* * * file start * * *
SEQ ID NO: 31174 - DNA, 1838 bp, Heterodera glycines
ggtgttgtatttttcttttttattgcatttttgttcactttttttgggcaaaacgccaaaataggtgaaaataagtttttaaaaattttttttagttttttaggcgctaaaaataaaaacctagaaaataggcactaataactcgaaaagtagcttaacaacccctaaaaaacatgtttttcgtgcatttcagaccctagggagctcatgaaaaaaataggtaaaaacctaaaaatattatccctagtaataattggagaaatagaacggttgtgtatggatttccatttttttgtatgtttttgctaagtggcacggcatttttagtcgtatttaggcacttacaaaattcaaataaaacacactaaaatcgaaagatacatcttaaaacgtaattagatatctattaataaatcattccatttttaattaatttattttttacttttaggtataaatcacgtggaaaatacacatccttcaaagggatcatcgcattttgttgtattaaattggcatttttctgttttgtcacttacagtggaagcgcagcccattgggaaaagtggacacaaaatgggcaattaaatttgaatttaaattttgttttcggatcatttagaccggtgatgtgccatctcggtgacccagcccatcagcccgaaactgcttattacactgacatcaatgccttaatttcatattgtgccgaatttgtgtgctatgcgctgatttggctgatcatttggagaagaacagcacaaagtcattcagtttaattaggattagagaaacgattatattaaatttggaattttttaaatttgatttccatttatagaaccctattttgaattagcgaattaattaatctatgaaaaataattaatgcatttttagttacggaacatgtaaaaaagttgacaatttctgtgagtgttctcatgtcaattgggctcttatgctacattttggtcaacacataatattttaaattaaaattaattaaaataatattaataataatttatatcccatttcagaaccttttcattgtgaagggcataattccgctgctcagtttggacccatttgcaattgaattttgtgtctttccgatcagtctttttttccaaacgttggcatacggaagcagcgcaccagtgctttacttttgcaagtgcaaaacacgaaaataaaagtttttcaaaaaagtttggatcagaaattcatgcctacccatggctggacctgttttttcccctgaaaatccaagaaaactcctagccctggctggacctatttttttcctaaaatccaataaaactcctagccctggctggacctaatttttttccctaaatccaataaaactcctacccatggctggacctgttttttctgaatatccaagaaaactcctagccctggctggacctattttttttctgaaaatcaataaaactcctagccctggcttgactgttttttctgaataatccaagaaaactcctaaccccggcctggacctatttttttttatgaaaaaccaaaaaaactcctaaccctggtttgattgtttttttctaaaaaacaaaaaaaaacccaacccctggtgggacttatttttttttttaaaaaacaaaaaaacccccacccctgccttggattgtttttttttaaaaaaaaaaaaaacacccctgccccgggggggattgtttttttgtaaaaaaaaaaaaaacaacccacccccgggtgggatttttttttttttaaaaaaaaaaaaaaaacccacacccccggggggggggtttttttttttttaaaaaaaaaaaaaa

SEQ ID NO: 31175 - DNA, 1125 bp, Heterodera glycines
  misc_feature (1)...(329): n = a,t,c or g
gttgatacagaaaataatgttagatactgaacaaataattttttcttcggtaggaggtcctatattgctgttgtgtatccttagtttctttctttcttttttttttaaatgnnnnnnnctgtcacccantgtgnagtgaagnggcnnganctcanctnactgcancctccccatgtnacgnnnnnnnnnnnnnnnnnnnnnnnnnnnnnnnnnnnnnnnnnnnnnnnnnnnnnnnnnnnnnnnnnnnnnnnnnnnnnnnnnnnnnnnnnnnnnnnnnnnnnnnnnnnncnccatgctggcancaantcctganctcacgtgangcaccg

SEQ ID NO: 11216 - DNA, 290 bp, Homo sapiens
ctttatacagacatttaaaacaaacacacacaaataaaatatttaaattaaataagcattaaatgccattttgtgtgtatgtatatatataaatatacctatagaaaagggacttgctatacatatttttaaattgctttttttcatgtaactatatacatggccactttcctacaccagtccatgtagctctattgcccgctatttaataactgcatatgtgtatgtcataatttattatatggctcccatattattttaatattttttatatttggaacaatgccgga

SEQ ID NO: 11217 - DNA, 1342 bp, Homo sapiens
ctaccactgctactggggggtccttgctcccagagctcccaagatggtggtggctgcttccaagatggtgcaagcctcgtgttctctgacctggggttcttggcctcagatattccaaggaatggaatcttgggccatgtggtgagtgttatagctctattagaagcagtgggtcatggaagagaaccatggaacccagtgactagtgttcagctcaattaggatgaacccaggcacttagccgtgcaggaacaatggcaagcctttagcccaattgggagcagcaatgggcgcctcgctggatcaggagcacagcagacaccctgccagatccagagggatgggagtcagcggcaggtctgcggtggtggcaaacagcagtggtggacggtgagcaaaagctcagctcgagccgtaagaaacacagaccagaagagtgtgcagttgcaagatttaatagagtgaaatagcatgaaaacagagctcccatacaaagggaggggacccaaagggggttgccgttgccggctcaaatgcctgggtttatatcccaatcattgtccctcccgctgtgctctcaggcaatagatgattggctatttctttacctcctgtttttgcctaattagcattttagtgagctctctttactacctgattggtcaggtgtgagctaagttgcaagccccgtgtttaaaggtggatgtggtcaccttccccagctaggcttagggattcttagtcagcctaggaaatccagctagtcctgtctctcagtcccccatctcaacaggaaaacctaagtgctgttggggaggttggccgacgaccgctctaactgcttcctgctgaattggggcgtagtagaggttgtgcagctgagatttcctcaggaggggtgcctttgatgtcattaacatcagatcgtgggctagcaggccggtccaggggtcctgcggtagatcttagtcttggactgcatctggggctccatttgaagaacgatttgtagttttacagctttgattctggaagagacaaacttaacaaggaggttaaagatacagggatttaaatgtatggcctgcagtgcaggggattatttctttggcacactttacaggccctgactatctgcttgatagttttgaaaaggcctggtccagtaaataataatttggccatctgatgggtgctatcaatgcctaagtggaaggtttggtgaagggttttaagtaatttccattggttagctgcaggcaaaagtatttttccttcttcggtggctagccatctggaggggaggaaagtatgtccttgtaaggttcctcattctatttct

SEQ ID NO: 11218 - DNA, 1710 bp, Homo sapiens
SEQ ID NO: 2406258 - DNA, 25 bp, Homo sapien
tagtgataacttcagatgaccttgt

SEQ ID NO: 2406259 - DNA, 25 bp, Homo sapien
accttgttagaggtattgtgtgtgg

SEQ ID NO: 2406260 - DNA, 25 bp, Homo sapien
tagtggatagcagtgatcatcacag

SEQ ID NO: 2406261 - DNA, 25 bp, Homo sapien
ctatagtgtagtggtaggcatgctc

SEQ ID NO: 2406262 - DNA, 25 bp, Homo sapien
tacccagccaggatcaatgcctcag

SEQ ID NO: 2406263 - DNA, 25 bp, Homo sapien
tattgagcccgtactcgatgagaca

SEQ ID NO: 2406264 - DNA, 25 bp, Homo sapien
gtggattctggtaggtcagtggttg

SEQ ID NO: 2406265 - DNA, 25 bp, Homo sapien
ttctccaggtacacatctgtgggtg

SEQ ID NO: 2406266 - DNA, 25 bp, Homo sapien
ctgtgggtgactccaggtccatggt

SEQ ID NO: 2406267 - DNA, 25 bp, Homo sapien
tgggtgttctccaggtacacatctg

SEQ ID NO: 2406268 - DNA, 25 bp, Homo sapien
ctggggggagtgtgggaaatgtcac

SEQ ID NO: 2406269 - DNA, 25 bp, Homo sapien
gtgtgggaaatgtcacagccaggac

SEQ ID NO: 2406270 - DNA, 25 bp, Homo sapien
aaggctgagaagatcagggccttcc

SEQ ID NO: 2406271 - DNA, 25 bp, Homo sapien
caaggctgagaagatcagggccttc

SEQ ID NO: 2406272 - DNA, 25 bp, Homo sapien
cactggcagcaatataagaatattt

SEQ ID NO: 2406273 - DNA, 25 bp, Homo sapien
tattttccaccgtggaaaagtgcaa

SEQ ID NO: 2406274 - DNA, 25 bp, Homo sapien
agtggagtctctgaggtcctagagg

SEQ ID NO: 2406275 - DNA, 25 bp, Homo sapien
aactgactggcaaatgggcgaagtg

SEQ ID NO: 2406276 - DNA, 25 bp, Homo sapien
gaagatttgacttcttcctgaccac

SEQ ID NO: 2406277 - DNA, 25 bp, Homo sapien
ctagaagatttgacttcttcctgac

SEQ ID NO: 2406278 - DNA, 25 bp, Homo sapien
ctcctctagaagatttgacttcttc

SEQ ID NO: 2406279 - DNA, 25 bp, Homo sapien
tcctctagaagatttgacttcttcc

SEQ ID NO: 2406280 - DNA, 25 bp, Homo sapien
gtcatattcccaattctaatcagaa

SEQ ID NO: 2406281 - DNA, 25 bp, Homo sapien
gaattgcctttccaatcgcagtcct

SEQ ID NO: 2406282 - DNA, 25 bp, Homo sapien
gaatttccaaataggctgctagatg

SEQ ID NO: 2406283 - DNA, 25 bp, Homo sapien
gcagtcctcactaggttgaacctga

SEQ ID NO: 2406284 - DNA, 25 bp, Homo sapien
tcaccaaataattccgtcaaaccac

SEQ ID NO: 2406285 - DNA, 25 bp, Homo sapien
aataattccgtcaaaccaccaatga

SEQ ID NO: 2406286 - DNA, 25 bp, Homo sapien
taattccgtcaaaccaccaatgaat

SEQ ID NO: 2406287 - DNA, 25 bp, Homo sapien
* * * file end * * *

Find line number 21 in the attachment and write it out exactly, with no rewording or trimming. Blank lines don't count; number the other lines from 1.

SEQ ID NO: 2406263 - DNA, 25 bp, Homo sapien